noticed a theme to my titles this week yet? hahaha 😉
Couldn’t let today pass without a nod to what is widely considered to be the founding of Seattle on 13th November 1851……and yes of course there were people already living here but you know what ‘history’ is like, it just all depends on who’s keeping note! Anyway, basic details of today in history are as follows….
From Wikipedia, the free encyclopedia
The Denny Party is a group of American pioneers credited with founding Seattle, Washington because they settled at Alki Point on November 13, 1851.
A wagon party headed by Arthur A. Denny left Cherry Grove, Illinois on April 10, 1851. The party included his father, stepmother, two older brothers who settled in the Willamette Valley of Oregon, his younger brother David Denny, his wife, Mary Ann Boren, Mary’s younger sister Louisa, and their brother Carson Boren. Mary Ann was Arthur Denny’s wife and his stepsister. She was pregnant throughout the journey. Mary’s sister Louisa Boren married David Denny in 1861. Arthur Denny is said to have been ill throughout the journey, but remained the group’s leader.
On July 6, 1851, they battled Indians at American Falls on the Snake River, but escaped unharmed. The following day they met John Low, and he joined the party. Late in July they reached the Burnt River in eastern Oregon where they encountered a man named Brock. He suggested to Denny that Puget Sound would be a good place to create a town.
The Denny Party arrived in Portland, Oregon on August 22, 1851. Arthur Denny was ill and Mary Ann was about to give birth so the party convalesced in Portland. On September 2, Mary gave birth to a son, Rolland H. Denny.
John Low and David Denny headed north to scout the possibilities. Along the way they were joined by Leander “Lee” Terry. In newly founded Olympia, Washington, they met Michael Simmons, wealthy founder of Tumwater, Washington, who guided them to Alki as a possible site for a settlement. On September 28, 1851, Terry and Low began building a cabin with help from the local Indians, and then staked claims to the land. Low returned to Portland to alert the others, Terry looked for a froe to make redcedar shake shingles, and David Denny stayed on in the unfinished cabin. Like his brother, he was not in good health, and his situation was not improved by staying in an unroofed cabin. Then he injured his foot with an axe.
In Portland, Arthur Denny recruited Illinois farmer William Nathaniel Bell and his wife, and, by coincidence, Charlie Terry, Leander Terry’s older brother. The Terry brothers, from Waterville, New York, had come west as part of the California Gold Rush, but had not liked the rough and tumble of San Francisco.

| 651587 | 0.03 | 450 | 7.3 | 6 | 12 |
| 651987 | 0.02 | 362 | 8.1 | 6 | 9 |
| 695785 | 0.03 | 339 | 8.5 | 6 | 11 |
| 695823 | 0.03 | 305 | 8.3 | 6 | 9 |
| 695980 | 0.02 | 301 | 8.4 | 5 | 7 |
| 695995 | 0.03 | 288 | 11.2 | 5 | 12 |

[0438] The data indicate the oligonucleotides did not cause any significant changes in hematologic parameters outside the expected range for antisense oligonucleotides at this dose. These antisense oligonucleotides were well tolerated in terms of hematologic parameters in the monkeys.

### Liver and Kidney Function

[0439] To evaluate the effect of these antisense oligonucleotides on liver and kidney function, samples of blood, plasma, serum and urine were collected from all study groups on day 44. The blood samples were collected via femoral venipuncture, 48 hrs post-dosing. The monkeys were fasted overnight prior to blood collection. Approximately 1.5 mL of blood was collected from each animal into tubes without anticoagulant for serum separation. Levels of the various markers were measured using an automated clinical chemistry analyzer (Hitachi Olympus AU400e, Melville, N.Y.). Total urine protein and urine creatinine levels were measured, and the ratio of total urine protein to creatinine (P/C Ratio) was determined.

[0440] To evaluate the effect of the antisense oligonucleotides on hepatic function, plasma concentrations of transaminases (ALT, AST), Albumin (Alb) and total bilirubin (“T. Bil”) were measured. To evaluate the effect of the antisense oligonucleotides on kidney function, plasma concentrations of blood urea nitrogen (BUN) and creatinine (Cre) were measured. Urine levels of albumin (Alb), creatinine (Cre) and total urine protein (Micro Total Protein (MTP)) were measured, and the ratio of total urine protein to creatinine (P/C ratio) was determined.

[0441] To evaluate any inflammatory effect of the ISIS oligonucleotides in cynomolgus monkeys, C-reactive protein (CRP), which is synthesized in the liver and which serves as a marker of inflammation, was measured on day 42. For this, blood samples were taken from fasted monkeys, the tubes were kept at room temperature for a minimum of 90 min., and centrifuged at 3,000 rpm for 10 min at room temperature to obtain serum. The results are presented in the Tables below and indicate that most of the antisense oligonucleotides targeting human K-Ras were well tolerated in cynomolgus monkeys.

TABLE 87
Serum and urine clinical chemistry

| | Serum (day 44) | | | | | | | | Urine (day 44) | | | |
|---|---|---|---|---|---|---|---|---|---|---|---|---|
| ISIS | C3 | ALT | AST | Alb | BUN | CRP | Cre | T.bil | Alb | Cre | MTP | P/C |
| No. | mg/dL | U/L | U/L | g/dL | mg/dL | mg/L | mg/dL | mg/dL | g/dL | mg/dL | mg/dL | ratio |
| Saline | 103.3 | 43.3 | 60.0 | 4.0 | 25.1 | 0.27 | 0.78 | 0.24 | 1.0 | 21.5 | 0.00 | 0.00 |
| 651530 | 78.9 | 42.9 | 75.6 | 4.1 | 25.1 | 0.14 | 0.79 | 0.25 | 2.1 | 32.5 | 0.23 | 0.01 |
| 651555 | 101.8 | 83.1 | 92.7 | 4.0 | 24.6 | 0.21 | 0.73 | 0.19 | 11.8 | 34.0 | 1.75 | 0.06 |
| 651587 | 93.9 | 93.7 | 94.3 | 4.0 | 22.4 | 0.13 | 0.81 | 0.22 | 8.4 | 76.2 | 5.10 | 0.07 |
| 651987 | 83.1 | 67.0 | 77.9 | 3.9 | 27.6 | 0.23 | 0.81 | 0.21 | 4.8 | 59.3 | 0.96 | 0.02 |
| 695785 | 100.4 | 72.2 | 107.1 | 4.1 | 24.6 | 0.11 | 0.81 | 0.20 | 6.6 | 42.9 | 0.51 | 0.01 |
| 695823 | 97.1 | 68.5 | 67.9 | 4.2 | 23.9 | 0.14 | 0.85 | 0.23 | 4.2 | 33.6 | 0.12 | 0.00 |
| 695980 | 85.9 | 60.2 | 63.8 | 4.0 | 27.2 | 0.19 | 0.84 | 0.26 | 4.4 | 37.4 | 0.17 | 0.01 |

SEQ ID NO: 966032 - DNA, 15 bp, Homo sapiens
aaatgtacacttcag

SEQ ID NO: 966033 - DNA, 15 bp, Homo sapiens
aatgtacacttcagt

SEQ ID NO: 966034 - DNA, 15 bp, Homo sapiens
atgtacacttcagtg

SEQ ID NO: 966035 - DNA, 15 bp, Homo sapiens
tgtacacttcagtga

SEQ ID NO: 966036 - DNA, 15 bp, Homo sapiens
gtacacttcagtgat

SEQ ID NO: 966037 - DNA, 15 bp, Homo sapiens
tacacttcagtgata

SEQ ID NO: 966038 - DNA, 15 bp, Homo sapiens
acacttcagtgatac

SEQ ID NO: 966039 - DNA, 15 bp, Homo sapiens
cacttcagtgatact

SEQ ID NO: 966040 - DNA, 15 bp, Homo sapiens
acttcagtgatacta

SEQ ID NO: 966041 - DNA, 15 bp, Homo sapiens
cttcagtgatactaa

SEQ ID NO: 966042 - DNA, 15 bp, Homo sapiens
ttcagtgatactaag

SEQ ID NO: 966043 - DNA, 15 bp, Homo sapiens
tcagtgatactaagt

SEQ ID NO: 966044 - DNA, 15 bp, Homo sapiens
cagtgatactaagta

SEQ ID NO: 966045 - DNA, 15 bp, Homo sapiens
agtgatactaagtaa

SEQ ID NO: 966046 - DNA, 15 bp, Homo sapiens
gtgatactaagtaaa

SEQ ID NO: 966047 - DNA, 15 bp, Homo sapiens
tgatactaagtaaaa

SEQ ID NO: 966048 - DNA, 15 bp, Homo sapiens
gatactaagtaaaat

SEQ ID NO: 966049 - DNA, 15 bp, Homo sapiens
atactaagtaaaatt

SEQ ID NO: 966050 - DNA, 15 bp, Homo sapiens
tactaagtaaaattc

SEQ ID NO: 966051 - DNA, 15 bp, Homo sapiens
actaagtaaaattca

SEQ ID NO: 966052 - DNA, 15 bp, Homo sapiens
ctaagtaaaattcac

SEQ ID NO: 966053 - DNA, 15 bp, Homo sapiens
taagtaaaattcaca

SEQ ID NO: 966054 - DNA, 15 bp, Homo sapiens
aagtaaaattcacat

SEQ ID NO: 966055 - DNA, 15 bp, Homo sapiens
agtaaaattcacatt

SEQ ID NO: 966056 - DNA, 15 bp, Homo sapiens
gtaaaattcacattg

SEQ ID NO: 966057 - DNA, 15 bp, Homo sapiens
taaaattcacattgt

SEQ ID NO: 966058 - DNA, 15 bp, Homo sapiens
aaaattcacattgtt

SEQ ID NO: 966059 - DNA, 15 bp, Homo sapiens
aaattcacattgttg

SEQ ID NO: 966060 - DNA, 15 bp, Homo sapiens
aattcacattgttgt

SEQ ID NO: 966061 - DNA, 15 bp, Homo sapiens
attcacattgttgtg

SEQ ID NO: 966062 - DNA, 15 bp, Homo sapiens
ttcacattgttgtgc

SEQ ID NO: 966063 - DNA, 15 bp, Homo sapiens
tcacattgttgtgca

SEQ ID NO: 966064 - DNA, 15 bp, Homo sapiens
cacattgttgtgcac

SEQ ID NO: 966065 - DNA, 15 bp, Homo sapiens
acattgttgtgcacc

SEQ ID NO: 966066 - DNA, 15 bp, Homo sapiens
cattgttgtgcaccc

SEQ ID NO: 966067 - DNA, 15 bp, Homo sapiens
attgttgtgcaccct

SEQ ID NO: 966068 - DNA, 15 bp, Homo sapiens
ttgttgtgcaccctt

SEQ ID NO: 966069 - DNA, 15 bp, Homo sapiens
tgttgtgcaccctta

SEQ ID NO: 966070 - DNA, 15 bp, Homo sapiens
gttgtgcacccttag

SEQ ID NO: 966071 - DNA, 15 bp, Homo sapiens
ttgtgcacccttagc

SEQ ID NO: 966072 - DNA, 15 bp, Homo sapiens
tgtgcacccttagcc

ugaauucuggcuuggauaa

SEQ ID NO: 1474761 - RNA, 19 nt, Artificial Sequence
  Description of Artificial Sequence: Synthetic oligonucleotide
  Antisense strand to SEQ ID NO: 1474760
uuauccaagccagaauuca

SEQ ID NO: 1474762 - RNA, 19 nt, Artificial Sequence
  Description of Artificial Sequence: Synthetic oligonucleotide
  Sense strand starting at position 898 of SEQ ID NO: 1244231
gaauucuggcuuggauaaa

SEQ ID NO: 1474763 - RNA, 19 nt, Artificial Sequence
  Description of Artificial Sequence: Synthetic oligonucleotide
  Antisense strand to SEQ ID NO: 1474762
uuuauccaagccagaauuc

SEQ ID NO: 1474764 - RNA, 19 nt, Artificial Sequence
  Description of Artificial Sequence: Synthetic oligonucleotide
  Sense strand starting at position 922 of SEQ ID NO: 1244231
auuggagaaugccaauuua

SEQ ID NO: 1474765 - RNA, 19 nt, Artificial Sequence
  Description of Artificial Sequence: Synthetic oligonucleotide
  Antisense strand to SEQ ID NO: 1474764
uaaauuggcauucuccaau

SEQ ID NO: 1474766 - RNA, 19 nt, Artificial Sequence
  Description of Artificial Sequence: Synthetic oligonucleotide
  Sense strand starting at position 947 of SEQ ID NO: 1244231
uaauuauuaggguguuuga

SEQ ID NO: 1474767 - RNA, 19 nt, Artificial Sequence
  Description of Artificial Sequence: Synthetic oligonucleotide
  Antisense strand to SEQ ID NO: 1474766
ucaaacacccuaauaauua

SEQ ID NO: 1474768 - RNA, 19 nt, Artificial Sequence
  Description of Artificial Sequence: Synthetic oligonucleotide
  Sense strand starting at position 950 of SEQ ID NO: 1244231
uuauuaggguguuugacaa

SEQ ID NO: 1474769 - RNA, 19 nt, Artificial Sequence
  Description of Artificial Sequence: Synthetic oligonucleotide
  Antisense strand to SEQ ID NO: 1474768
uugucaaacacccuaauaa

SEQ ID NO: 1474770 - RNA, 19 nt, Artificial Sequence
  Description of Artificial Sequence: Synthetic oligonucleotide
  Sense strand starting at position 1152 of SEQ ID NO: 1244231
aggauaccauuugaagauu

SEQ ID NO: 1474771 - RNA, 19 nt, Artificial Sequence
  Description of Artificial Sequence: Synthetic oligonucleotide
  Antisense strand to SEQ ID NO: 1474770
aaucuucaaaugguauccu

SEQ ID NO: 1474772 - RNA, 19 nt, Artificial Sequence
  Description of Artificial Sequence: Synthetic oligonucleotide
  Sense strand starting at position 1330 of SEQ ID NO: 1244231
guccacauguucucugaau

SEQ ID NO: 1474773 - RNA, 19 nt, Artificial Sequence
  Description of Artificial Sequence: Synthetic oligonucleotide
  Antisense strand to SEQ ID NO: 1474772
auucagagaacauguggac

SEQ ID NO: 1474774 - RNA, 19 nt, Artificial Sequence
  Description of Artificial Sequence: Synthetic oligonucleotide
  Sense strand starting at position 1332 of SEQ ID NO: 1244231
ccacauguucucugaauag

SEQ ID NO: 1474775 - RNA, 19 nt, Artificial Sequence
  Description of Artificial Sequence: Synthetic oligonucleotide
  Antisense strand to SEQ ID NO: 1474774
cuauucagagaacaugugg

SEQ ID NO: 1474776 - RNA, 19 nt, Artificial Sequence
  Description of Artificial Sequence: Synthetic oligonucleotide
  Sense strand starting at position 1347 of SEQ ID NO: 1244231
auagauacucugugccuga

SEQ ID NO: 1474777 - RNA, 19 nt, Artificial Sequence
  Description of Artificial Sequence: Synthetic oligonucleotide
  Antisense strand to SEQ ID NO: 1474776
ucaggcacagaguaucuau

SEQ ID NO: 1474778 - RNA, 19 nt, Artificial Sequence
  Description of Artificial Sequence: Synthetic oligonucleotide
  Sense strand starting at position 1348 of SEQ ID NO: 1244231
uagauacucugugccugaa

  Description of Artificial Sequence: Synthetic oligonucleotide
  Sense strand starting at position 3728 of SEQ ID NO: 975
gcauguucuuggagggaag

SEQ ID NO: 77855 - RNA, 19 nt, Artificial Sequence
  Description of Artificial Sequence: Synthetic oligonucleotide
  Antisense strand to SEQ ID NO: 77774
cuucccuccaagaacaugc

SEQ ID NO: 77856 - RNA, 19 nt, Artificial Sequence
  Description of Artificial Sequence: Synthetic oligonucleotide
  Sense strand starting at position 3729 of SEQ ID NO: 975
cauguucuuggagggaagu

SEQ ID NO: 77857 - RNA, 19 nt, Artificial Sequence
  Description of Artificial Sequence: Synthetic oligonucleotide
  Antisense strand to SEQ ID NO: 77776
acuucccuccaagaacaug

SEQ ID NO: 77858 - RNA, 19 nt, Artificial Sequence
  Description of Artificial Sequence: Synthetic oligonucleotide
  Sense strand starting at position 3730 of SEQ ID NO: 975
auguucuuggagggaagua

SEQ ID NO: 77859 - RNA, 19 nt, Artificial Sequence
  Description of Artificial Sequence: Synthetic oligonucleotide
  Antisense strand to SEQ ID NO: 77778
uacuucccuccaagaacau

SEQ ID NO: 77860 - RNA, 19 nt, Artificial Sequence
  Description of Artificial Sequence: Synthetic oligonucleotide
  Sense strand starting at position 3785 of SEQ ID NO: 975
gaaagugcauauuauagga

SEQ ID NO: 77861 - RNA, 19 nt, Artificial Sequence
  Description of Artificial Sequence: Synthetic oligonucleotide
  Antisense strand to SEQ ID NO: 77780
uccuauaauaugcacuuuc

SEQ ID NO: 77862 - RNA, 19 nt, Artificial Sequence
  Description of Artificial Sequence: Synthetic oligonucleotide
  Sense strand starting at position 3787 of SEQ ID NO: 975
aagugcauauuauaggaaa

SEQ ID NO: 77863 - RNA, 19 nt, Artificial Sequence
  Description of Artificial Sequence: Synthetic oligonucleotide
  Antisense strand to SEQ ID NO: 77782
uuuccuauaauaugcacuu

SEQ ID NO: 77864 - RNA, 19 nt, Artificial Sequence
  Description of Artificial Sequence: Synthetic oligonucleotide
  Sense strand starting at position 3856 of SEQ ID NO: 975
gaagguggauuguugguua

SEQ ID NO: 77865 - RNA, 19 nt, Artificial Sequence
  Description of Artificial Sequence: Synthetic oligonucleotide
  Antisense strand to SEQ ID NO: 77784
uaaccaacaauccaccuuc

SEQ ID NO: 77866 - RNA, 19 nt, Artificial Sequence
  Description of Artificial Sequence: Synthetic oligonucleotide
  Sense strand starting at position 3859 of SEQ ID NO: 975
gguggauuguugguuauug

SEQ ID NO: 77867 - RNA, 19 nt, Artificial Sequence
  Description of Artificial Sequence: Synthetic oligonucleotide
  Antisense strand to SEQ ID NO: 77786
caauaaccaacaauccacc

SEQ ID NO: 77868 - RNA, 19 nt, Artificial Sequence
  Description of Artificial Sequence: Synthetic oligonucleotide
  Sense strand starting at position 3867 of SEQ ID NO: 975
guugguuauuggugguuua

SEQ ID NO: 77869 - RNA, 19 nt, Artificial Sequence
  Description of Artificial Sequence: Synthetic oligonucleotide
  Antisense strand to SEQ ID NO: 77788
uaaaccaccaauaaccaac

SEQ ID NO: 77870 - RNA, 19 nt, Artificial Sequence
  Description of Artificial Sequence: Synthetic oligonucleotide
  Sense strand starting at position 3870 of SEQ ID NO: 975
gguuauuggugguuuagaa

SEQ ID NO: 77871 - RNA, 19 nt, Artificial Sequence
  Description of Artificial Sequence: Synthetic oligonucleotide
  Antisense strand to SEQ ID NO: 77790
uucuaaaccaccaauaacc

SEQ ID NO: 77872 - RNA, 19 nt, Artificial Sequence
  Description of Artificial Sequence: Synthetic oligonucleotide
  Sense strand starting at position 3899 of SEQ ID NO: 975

On November 5, 1851, the Denny Party left Portland on the schooner Exact bound for Puget Sound and the Queen Charlotte Islands. The Exact carried a number of settlers bound for Puget Sound in addition to the Denny Party, including Daniel Bigelow who settled in Olympia. After a difficult passage, particularly hard on the still-ill Denny, they arrived at Alki November 13, where David greeted them with the words, “I wish you hadn’t come.”
Denny was bitterly disappointed that Low and Lee Terry had already staked the relevant claims for Alki. However, he had no choice but to pitch in, finish the cabin and settle in for the winter. Denny convinced Bell and Boren that they needed to scout a different location. Once the worst of winter cleared, Denny and sometimes other party members went exploring as far as Commencement Bay (now the site of Tacoma), Port Orchard, Smith Cove, and up the Duwamish River to the present site of Puyallup, before settling on an island in the mudflats near the east shore of Elliott Bay, now the site of Pioneer Square.
For the next three years Alki Point and Elliott Bay sites competed as rival townsites. Charlie Terry bought out his brother and Low’s Alki holdings, and led this community. Arthur Denny settled at Elliott Bay and, along with his rival “Doc” Maynard, led nascent Seattle. The tides at Alki were so strong that piers could not be built. Terry moved to the community on the east shore of Elliott Bay, which became the nucleus of the city of Seattle.
William C. (“Bill”) Speidel, Sons of the Profits, Nettle Creek Publishing Company, Seattle, 1967. ISBN 0-914890-06-9
And a mere 162 years later this is how the Southwest Seattle Historical Society is going to mark the event
And here, if you look as far along the sidewalk to the right as you can, you’ll see the monument that marks the landing of the Denny Party. I pass it every time I roll down to the beach…….or to Cactus for a cocktail 😉